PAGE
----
Singaporeans awoke yesterday to find that familiar burning smell hanging in the air and their view of the city dimmed by the returning haze.
For the first time this year, air quality - as measured by the 24-hour Pollutant Standards Index - hit unhealthy levels at 4pm yesterday, with the western end of the island registering a reading of 105.
The haze that blew in was a result of forest fires on Indonesia's Sumatra island, located to the west of Singapore. Eleven hot spots were detected in Sumatra, said the National Environment Agency (NEA) yesterday.
Similar unhealthy conditions are likely to persist today, said the NEA. It added that its chief executive Ronnie Tay had written to his Indonesian counterpart to register Singapore's concern that air quality could worsen, should the fires continue. In the letter sent yesterday, Mr Tay urged Indonesia to continue taking action to prevent the fires during this dry season. He asked for an update on the situation in Sumatra and Kalimantan.
Malaysia and parts of Indonesia had been affected even earlier. Changing wind patterns caused the haze to reach Singapore only yesterday, said Assistant Professor Winston Chow of the National University of Singapore's geography department. The winds blew from the west yesterday morning, instead of from the south and south-west.
The 24-hour Pollutant Standards Index (PSI) measures the average concentration levels of six component pollutants, including the dominant PM2.5, over the given period.
Health studies on haze use this measure so the authorities base health advisories on it.
But as a guide for planning activities during the haze, people should refer to the 1-hour PM2.5 concentrations, which measure current conditions.
There are four bands in all, from normal to very high, though NEA does not state what levels are healthy or not.
But the range of 0 to 55 micrograms per cubic m is described as "normal" while anything above 250 micrograms per cubic m will be described as "very high".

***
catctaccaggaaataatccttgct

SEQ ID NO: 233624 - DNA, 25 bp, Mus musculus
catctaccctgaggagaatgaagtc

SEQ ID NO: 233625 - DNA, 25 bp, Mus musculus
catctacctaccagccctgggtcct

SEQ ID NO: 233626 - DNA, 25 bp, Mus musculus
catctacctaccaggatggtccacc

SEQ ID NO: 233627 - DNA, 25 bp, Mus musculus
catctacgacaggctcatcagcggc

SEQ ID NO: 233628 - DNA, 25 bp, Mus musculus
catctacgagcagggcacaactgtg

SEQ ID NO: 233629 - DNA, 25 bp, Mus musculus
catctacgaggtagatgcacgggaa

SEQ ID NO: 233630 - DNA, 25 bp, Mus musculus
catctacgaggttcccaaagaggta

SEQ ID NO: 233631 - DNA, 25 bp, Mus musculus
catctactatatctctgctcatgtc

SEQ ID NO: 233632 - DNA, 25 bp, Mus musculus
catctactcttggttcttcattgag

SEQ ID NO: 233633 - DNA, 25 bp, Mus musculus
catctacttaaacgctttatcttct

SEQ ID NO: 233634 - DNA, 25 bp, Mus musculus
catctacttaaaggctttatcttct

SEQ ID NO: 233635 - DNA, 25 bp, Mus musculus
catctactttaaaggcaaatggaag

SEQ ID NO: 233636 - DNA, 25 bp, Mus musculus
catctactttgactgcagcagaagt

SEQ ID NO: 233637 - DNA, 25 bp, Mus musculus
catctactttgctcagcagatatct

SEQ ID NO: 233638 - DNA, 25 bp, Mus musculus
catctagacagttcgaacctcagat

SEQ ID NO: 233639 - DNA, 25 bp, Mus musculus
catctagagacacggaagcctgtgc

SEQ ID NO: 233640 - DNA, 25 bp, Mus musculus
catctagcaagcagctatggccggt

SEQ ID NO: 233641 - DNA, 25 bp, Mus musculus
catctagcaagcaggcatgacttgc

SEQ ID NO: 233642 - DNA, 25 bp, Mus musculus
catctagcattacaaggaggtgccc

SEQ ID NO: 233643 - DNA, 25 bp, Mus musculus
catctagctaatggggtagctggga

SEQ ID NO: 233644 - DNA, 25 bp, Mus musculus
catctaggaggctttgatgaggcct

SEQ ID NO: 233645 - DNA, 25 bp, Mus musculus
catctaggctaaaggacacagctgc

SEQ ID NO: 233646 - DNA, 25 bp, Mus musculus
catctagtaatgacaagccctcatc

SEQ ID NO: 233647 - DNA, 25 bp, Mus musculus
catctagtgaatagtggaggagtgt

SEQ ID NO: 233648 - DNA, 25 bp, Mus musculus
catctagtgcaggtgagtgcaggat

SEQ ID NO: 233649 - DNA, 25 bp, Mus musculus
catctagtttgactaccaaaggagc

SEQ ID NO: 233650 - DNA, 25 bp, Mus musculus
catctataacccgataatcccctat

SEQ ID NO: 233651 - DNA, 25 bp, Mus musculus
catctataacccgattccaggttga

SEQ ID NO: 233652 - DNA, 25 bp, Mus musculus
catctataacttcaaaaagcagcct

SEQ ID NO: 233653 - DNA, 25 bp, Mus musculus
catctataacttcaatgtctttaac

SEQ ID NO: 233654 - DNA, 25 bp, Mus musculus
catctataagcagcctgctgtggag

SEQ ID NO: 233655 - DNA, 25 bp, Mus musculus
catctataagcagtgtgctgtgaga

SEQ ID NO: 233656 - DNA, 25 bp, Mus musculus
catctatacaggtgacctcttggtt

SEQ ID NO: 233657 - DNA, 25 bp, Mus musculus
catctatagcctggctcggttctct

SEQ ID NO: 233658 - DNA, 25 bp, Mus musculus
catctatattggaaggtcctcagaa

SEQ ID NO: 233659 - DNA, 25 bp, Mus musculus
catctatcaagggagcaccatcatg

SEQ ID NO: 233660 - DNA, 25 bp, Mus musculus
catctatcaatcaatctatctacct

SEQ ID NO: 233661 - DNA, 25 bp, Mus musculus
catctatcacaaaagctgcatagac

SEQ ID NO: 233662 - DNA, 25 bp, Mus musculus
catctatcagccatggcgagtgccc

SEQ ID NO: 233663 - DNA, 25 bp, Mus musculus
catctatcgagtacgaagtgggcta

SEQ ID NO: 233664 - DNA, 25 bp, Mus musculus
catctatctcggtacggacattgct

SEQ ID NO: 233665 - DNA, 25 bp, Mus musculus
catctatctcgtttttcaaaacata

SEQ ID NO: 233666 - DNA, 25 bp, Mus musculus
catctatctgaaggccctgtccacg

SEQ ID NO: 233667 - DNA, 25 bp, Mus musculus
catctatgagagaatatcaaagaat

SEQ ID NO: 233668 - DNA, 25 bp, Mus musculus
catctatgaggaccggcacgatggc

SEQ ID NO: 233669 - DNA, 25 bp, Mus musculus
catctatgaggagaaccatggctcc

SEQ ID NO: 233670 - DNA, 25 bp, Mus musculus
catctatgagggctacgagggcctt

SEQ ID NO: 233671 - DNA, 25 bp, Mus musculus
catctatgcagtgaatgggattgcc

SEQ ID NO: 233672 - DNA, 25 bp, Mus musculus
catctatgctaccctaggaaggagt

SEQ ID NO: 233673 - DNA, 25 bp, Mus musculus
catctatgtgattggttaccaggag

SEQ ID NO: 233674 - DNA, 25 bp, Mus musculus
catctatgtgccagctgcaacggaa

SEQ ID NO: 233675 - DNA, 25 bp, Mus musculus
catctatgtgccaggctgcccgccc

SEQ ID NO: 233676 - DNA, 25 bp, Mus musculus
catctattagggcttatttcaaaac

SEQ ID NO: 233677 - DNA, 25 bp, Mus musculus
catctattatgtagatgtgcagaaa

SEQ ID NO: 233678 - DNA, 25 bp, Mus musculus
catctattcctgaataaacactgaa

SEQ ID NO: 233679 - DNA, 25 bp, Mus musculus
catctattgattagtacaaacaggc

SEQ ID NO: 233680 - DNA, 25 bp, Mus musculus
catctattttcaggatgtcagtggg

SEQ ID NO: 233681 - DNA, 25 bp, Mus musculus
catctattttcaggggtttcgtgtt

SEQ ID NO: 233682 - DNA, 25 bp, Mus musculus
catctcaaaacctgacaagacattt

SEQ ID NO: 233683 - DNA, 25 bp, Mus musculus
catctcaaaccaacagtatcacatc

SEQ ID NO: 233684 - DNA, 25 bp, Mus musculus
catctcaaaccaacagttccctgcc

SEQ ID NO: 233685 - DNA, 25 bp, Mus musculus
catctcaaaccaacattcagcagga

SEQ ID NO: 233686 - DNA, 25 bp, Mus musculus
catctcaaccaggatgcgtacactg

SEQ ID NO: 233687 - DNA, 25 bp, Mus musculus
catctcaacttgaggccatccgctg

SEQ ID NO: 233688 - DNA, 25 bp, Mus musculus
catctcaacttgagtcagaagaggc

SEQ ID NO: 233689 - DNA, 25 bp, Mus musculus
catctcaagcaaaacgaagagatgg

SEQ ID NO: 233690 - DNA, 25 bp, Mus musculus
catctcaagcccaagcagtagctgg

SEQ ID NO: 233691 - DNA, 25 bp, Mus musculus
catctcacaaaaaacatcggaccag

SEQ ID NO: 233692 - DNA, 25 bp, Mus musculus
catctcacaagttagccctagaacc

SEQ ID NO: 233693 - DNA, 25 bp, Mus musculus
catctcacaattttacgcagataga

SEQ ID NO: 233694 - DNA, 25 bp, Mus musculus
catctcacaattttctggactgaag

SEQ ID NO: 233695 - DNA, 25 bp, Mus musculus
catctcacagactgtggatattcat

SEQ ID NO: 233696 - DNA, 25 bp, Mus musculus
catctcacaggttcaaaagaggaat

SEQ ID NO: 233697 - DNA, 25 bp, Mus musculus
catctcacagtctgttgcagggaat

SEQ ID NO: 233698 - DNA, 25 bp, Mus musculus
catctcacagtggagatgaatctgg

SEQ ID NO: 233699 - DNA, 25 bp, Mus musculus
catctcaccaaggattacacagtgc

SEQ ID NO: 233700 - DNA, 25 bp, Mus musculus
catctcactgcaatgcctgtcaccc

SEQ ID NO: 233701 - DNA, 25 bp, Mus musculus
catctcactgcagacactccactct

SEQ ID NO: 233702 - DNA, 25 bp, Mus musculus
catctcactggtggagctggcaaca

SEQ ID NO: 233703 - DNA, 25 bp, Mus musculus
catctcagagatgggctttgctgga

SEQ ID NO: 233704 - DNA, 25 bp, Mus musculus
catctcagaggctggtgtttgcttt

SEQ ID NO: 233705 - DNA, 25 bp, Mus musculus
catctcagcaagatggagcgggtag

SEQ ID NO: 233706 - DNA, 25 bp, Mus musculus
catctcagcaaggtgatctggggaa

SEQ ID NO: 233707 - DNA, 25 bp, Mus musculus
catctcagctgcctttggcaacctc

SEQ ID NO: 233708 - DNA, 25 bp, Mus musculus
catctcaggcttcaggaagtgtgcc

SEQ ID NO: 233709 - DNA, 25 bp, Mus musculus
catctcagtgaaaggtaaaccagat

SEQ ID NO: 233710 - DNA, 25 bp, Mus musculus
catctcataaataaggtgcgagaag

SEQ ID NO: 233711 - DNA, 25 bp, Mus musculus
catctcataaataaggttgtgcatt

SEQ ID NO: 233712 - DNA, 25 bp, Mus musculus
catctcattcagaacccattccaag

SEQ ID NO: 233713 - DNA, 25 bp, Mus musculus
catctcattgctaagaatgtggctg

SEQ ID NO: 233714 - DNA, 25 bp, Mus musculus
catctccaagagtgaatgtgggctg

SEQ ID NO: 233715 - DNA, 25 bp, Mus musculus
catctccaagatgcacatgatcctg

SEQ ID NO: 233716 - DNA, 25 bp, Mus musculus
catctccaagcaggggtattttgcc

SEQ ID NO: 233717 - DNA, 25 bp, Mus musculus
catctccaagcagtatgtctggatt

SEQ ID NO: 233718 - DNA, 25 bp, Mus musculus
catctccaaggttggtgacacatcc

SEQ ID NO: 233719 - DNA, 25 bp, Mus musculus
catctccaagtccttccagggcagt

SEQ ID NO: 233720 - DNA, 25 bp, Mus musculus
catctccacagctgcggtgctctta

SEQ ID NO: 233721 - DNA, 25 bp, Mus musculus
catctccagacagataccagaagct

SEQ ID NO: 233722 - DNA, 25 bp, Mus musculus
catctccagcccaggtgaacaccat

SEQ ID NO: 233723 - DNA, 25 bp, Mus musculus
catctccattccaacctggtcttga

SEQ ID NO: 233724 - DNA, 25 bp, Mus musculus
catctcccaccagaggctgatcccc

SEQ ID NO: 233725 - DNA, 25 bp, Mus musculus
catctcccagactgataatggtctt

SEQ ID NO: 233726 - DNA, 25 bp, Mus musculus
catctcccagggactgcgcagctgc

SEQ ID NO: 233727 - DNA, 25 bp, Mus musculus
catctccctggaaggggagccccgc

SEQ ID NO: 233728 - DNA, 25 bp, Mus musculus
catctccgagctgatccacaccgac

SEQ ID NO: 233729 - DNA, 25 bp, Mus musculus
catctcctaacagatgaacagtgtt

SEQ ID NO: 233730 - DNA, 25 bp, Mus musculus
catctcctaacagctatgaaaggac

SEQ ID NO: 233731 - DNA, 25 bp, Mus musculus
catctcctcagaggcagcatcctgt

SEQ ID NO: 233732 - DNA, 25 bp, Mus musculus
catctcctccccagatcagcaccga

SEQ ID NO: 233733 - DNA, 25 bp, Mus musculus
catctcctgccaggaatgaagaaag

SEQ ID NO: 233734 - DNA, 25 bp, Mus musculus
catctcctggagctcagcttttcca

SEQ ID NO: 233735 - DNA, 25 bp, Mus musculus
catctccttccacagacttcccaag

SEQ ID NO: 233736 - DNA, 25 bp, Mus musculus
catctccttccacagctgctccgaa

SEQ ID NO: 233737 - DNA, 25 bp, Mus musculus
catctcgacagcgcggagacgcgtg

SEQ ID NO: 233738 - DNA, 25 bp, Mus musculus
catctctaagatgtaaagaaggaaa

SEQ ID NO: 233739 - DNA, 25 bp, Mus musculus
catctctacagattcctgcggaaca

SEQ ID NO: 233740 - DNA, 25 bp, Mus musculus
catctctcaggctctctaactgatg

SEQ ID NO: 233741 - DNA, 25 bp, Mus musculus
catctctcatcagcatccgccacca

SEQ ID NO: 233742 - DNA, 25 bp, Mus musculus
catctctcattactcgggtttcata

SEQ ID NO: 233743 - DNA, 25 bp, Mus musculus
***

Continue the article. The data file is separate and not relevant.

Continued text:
As a guide, the maximum concentration of PM2.5 on a non-hazy day is usually between 20 and 35 micrograms per cubic m.
"The westerly winds brought smoke from the hot spots in central Sumatra to Singapore... The hourly concentration of PM2.5 pollutants was the highest in the west," said Prof Chow.
PM2.5 pollutants are smaller than 2.5 microns in diameter, or a 30th the diameter of a human hair, and are the main pollutants during periods of haze. On a regular day, the maximum concentration of PM2.5 is usually between 20 and 35 micrograms (mcg) per cubic m.
Yesterday, this hit a high of 216 mcg per cubic m at noon. This was still better than last year's haze crisis when, on a particularly bad day, the one-hour PM2.5 concentration soared to 471.
Last year's crisis was the worst on record, because of the El Nino phenomenon linked to dry weather. But the region is expected to get some respite this year when La Nina, associated with more rain in this region, sets in.
"The wetter conditions from La Nina are expected to help douse the fires but international climate models do not indicate that these conditions have kicked in yet," noted Assistant Professor Janice Lee, who studies haze at the Asian School of the Environment at the Nanyang Technological University.